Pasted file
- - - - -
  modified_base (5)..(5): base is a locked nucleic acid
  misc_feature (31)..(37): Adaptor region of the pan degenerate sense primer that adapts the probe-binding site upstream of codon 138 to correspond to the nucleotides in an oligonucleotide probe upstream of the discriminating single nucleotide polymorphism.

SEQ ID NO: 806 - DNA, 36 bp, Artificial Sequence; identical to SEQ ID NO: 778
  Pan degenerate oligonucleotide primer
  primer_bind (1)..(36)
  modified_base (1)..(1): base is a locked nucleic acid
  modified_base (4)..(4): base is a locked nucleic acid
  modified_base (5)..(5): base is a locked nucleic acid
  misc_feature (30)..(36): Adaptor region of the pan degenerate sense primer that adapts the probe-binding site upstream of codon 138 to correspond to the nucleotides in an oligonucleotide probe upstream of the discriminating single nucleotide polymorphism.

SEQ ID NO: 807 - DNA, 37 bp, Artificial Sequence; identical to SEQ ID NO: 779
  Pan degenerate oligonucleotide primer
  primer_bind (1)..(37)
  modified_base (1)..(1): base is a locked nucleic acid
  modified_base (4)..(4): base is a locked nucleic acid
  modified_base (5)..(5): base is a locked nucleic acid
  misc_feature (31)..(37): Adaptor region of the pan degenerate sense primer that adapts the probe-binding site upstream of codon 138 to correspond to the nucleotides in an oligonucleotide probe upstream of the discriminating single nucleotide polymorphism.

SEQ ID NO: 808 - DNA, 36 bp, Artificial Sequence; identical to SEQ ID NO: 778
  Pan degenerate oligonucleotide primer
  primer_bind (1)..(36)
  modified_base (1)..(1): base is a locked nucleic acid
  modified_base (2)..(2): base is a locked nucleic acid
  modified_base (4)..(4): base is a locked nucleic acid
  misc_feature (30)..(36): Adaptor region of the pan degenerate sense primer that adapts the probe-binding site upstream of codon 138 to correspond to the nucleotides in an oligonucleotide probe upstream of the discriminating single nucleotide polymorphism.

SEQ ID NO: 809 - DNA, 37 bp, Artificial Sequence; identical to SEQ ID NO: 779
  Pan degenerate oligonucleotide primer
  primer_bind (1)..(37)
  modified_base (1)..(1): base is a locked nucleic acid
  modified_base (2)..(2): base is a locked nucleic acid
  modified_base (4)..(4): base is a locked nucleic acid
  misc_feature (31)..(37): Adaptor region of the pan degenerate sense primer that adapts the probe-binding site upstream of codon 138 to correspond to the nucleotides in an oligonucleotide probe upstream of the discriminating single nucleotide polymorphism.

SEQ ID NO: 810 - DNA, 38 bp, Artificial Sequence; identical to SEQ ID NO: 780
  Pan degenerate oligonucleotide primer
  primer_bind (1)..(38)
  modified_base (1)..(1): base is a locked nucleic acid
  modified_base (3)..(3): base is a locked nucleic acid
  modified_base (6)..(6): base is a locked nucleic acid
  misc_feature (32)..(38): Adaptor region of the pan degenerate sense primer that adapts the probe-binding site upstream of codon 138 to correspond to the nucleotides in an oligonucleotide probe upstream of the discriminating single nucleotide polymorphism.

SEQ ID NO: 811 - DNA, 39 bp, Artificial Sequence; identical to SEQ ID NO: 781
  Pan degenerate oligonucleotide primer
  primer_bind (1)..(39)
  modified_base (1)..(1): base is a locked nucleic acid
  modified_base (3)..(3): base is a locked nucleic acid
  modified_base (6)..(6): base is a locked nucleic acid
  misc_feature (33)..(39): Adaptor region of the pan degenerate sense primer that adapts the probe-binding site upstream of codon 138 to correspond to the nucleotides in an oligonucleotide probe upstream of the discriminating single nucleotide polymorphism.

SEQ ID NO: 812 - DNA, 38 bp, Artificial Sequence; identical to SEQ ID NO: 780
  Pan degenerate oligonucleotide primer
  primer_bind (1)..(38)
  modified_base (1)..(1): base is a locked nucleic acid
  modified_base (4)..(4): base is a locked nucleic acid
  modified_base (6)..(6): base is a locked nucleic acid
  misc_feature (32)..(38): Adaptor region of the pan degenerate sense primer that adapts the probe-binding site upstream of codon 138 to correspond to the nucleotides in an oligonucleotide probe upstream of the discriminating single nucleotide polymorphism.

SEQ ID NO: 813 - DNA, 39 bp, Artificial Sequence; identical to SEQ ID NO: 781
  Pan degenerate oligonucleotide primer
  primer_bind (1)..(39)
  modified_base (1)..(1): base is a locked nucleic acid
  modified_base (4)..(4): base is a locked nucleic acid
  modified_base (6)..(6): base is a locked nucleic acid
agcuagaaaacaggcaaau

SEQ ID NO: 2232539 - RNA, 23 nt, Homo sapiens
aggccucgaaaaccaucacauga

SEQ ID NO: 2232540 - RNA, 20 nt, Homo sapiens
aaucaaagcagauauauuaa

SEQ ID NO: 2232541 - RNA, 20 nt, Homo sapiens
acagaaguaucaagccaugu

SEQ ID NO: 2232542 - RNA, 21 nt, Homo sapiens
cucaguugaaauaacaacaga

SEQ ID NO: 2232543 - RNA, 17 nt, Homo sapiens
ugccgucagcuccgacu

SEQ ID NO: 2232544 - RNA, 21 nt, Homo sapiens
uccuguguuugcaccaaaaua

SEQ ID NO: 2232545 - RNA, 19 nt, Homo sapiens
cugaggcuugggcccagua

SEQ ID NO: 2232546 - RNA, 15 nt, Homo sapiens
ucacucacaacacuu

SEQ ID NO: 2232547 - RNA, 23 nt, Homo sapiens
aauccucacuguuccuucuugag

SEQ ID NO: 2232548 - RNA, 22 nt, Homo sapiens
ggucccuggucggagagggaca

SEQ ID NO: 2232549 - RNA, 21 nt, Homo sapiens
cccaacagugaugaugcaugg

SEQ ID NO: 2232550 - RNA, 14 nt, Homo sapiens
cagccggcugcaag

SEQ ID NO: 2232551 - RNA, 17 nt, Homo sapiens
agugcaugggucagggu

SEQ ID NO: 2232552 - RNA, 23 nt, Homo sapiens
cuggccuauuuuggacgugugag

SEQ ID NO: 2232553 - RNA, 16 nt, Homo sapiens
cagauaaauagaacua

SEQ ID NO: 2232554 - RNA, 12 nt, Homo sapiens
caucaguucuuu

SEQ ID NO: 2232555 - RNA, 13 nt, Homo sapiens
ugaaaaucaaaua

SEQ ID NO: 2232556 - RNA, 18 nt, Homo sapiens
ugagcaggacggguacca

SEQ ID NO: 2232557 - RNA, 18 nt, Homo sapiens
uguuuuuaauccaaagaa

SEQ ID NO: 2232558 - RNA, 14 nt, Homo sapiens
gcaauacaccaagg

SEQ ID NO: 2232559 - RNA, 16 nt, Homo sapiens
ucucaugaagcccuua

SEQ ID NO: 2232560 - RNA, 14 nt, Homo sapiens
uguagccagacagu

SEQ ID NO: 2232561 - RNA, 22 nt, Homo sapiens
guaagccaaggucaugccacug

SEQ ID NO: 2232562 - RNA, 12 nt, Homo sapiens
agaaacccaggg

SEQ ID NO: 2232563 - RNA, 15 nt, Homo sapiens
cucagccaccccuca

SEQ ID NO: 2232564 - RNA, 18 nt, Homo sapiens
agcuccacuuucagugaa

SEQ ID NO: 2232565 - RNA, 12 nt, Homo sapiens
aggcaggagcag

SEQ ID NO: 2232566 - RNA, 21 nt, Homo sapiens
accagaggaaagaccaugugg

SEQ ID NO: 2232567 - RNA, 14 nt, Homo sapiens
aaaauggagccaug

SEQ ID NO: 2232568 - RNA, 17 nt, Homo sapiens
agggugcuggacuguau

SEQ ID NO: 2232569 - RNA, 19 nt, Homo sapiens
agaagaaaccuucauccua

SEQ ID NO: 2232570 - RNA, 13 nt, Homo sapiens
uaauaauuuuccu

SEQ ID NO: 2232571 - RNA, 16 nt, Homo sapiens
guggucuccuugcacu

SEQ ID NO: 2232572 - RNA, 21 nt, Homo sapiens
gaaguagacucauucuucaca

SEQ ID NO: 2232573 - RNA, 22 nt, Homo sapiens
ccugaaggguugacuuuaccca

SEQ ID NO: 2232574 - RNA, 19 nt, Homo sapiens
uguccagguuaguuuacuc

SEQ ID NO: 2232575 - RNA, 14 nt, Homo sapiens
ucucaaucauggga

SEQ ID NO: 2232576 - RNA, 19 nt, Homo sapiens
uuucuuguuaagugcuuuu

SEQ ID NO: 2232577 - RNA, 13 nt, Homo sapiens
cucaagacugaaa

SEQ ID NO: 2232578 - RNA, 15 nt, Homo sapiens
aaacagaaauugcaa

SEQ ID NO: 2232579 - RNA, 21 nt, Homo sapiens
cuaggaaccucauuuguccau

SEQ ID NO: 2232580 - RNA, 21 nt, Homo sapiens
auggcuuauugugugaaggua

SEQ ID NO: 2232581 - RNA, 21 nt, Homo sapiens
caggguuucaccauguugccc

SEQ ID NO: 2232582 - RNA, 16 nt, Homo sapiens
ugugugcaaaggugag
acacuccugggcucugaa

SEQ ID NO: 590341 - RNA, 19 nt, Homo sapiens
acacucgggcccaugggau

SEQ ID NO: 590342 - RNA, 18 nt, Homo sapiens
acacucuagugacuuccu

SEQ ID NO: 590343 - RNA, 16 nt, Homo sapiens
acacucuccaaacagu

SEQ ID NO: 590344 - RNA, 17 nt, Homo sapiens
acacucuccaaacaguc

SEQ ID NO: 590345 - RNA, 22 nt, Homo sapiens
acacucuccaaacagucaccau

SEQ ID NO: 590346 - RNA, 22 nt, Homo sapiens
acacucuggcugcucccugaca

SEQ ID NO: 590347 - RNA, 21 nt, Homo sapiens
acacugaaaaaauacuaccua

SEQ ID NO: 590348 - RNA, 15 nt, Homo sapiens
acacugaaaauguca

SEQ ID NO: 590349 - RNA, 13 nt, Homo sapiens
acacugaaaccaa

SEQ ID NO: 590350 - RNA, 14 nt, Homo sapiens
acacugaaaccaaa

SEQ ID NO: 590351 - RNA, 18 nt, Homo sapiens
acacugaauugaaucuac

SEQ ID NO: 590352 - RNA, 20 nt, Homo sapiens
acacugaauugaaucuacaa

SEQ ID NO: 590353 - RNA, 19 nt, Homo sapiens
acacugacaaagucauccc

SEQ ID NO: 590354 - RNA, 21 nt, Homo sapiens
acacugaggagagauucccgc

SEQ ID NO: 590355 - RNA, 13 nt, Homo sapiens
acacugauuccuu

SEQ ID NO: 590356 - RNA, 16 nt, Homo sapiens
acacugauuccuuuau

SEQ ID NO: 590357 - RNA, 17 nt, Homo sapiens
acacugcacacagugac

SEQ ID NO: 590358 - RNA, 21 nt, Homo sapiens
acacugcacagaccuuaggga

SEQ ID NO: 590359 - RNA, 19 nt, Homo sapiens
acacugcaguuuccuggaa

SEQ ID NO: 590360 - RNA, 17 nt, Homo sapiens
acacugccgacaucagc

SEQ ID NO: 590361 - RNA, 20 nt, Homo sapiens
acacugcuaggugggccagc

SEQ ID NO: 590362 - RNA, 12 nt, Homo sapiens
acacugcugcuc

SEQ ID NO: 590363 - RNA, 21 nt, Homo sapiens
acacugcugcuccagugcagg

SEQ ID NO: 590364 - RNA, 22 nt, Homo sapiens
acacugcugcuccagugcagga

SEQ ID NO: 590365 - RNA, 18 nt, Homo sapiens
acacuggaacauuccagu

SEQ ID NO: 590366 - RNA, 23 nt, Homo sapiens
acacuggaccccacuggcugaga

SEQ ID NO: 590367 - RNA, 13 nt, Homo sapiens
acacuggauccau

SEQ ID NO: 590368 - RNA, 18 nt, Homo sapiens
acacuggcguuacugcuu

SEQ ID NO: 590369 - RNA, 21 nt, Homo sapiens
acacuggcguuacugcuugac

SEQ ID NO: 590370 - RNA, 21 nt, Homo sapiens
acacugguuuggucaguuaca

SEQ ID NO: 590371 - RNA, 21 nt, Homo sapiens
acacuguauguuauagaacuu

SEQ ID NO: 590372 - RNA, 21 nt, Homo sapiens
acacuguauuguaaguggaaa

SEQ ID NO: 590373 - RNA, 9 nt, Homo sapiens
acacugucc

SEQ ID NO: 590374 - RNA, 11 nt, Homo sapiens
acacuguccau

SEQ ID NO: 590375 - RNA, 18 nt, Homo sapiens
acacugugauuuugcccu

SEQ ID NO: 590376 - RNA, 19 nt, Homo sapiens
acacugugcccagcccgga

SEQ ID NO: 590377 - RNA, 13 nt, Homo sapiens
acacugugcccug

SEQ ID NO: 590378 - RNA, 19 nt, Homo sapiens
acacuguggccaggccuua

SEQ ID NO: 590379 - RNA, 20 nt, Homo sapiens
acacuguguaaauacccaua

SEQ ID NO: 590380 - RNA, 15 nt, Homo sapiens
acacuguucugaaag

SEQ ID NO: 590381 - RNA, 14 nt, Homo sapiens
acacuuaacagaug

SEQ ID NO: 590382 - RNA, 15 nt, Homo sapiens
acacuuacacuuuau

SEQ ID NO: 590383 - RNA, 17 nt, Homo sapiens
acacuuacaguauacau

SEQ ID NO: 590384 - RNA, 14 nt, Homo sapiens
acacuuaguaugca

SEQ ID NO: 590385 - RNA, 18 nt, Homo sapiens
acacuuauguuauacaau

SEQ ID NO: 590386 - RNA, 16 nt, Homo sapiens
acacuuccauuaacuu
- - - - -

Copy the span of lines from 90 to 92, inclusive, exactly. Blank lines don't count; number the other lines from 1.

caucaguucuuu

SEQ ID NO: 2232555 - RNA, 13 nt, Homo sapiens
ugaaaaucaaaua